The Joplin Globe, Joplin, MO

Opinion

March 4, 2008

In our view: We have a right to use petitions

Not everyone likes initiative petitions. For one thing, they bypass the legislative process. For another, they can clutter up an election-day ballot.

But the biggest critics are those who disagree with what might wind up before voters.

The Missouri House has passed legislation that would impose new requirements on people who circulate petitions for signatures and impede the collection of enough signatures to force an issue onto the ballot.

While there have been any number of initiative-petition ballot issues over the years that we thought unnecessary or that we opposed, Missourians have the constitutional right to use the process and, for the most part, it appears to have worked reasonably well.

What the proposed law would accomplish is to require that petition circulators are residents of Missouri, that they can’t be paid based on the number of signatures they collect, they can circulate only one petition issue at a time and must register before they begin the collection of signatures rather than before the deadline for filing the petitions.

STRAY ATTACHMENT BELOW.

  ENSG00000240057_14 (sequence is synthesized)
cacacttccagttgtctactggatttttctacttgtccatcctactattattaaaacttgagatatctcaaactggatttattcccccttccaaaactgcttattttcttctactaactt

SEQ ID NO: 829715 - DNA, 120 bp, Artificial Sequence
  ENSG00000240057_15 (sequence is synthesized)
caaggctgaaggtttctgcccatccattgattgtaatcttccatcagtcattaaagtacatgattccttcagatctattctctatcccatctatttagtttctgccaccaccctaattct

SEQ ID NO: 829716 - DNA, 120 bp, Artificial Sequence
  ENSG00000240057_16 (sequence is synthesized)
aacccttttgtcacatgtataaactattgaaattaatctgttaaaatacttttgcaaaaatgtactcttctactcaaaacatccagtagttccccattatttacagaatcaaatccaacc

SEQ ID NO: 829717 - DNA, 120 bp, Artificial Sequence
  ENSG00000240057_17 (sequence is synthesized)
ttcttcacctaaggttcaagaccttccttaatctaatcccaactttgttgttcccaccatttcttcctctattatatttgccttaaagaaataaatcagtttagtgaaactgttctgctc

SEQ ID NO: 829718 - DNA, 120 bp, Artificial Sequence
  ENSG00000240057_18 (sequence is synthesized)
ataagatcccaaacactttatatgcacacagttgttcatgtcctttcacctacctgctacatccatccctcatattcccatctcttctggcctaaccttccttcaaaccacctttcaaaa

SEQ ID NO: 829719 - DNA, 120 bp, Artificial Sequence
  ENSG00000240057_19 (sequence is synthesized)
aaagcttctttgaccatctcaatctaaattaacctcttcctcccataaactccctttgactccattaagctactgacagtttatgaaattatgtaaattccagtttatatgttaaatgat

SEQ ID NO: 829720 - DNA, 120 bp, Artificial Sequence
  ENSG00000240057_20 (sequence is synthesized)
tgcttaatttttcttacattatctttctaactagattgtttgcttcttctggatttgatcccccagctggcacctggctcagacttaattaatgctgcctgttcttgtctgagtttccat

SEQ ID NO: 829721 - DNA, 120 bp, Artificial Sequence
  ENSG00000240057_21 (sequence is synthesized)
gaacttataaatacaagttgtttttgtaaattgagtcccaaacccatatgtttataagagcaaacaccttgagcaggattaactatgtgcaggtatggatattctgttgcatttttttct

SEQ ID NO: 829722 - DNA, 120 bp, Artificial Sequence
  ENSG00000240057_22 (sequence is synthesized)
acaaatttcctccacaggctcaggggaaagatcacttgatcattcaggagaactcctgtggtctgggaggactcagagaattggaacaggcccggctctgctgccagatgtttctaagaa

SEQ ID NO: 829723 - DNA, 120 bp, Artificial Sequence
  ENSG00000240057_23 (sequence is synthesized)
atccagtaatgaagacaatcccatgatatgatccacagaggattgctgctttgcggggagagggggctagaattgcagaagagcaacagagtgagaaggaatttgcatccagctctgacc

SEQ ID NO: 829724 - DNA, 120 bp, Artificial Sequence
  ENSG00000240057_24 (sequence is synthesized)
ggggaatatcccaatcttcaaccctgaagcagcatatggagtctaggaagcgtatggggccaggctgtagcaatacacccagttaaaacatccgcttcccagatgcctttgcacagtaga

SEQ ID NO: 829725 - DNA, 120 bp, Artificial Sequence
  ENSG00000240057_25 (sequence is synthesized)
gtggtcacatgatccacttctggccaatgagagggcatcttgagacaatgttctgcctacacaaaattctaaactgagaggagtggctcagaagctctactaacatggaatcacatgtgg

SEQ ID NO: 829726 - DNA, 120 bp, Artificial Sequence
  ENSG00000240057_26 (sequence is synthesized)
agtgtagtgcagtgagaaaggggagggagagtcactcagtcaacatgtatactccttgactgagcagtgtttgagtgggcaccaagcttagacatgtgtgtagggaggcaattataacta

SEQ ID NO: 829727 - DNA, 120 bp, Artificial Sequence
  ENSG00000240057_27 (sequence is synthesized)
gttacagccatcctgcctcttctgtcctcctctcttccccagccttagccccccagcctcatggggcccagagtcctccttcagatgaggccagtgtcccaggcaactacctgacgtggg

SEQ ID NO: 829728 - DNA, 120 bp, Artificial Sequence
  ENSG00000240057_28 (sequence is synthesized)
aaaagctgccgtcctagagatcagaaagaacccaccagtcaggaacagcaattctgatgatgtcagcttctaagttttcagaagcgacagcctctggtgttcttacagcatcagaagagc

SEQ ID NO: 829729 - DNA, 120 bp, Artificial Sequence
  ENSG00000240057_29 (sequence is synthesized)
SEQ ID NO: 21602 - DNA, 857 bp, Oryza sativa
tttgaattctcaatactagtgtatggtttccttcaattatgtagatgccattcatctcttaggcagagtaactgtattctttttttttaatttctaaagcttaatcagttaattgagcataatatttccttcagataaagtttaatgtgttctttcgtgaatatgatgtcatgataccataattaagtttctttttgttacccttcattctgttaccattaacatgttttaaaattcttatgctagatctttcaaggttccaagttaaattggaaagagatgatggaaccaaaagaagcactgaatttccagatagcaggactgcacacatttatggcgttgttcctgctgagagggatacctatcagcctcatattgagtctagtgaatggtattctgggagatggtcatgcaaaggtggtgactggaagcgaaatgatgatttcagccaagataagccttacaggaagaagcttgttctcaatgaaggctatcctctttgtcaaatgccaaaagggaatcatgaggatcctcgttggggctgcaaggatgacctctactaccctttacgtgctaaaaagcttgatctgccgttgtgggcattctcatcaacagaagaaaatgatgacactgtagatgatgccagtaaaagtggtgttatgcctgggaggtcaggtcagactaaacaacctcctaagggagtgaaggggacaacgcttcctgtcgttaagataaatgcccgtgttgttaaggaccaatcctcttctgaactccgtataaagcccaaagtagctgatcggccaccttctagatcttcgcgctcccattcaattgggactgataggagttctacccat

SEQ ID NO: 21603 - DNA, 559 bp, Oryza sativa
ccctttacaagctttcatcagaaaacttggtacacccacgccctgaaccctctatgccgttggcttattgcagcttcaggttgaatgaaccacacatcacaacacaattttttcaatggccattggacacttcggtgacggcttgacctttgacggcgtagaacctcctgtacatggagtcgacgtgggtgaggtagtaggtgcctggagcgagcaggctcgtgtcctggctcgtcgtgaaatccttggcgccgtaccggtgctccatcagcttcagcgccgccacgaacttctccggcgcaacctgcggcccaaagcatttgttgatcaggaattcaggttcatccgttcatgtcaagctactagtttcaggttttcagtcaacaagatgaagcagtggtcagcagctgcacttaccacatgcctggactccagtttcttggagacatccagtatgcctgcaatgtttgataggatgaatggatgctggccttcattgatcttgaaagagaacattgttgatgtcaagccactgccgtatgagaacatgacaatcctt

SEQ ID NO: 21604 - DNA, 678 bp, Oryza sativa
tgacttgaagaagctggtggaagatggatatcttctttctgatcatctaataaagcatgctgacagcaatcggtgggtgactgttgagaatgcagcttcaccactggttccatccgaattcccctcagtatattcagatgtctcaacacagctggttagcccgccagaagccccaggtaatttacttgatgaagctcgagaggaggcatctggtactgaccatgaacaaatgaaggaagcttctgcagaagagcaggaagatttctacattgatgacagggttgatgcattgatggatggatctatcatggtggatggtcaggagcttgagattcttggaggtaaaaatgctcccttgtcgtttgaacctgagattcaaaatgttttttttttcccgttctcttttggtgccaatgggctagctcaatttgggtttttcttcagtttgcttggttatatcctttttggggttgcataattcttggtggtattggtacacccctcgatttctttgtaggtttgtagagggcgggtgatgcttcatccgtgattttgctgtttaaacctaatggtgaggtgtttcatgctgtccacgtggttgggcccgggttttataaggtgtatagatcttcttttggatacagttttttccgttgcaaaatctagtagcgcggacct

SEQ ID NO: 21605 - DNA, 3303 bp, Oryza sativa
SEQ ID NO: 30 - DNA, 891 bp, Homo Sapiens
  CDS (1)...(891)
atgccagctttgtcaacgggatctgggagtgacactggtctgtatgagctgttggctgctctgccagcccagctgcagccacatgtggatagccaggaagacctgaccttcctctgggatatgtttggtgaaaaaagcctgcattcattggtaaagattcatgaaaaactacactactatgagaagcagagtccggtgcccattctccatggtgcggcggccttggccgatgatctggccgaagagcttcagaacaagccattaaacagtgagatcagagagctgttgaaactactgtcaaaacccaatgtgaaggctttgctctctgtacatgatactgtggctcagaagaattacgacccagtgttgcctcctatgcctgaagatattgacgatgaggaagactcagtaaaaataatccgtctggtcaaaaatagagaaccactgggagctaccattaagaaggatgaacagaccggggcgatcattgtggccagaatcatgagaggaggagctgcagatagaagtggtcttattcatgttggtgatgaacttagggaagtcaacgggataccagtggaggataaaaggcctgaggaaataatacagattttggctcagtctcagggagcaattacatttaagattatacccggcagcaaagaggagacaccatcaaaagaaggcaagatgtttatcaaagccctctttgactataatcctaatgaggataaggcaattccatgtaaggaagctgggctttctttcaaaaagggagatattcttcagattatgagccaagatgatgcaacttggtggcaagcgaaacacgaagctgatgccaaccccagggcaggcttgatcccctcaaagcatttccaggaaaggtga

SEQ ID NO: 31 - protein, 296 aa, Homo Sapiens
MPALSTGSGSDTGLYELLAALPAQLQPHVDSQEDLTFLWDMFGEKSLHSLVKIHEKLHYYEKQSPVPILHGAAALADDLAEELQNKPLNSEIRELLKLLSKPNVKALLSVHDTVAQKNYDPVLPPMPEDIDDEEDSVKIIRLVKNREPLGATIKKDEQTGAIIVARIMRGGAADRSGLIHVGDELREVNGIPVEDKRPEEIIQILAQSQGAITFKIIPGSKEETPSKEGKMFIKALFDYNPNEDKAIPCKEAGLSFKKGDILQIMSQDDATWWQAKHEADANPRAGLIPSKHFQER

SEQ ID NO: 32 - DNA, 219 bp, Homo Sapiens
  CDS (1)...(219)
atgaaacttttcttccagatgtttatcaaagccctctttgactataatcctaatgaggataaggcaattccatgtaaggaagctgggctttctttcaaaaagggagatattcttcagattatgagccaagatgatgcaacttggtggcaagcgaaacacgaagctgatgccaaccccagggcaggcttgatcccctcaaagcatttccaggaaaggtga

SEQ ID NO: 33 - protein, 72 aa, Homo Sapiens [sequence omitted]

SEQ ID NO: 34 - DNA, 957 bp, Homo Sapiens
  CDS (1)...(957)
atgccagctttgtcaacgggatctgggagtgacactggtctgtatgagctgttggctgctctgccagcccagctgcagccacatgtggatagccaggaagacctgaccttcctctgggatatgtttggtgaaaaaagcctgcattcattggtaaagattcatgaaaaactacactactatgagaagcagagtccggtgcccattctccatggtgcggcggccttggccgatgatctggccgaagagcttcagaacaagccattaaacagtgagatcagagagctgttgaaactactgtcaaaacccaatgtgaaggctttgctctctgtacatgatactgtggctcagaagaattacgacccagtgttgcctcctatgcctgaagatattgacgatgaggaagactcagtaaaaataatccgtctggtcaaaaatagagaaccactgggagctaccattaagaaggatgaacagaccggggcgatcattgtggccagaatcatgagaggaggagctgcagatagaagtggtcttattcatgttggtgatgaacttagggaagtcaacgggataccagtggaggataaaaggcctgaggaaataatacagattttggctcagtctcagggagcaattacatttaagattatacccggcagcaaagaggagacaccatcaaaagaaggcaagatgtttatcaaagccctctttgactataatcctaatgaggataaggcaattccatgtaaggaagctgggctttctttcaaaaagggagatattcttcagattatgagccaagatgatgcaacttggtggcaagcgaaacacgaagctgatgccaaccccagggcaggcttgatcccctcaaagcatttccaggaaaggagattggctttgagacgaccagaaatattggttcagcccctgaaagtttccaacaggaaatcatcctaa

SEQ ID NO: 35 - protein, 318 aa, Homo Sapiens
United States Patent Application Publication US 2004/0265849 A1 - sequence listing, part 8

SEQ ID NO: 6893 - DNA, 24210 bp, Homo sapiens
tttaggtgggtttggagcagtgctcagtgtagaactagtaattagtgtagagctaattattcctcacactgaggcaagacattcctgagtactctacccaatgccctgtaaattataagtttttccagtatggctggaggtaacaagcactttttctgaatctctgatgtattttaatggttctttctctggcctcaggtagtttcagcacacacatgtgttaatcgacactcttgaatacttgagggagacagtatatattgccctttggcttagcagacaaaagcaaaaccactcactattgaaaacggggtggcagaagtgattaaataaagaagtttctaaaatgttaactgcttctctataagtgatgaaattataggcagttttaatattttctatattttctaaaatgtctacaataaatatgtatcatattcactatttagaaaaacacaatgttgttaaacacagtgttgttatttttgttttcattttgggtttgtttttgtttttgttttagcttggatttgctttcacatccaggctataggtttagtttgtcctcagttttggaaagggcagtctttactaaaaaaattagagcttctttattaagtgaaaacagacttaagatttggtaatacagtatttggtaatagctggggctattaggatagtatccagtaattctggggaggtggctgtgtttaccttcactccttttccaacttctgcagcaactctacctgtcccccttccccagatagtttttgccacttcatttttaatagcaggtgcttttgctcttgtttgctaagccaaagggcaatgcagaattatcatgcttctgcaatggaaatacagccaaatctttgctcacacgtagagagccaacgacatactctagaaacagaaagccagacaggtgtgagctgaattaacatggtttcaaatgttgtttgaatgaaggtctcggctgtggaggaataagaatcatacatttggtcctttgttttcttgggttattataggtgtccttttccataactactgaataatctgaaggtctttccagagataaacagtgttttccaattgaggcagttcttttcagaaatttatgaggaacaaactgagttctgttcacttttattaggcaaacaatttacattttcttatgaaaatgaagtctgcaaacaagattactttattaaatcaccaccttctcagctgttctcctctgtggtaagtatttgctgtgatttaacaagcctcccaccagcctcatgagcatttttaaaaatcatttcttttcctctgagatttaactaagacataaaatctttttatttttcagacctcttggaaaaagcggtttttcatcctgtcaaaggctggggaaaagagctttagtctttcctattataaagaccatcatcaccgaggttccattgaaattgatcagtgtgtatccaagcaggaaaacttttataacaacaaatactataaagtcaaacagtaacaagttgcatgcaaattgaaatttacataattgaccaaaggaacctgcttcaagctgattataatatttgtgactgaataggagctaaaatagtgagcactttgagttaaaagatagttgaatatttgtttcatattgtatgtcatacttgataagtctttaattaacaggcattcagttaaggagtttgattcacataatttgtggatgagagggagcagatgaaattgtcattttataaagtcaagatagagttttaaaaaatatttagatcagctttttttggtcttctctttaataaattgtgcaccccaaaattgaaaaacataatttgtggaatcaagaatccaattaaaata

Limiting the circulators to Missouri residents is not a bad idea. But the restrictions that they can’t be paid by the number of signatures, that they can’t collect signatures for more than one petition issue at a time and that they must register early clearly are intended to scuttle the initiative-petition process.

The question for Missourians involves the constitutional right to enact laws and approve constitutional amendments that the Legislature has failed to provide.

Essentially, what legislators are telling Missourians is that they shouldn’t interfere so much with the way the lawmakers are doing business. Without the initiative petitions, Missouri might not have riverboat casinos, term limits for legislators, a ban on cockfighting or a stem-cell amendment to encourage research into curing or alleviating a variety of serious diseases and nerve injuries.

We believe that Missourians are smart enough to decide for themselves whether to sign an initiative petition. They also are smart enough to decide on election day whether to vote in favor or against an initiative-petition issue. After all, these are the people who voted legislators into office, aren’t they?

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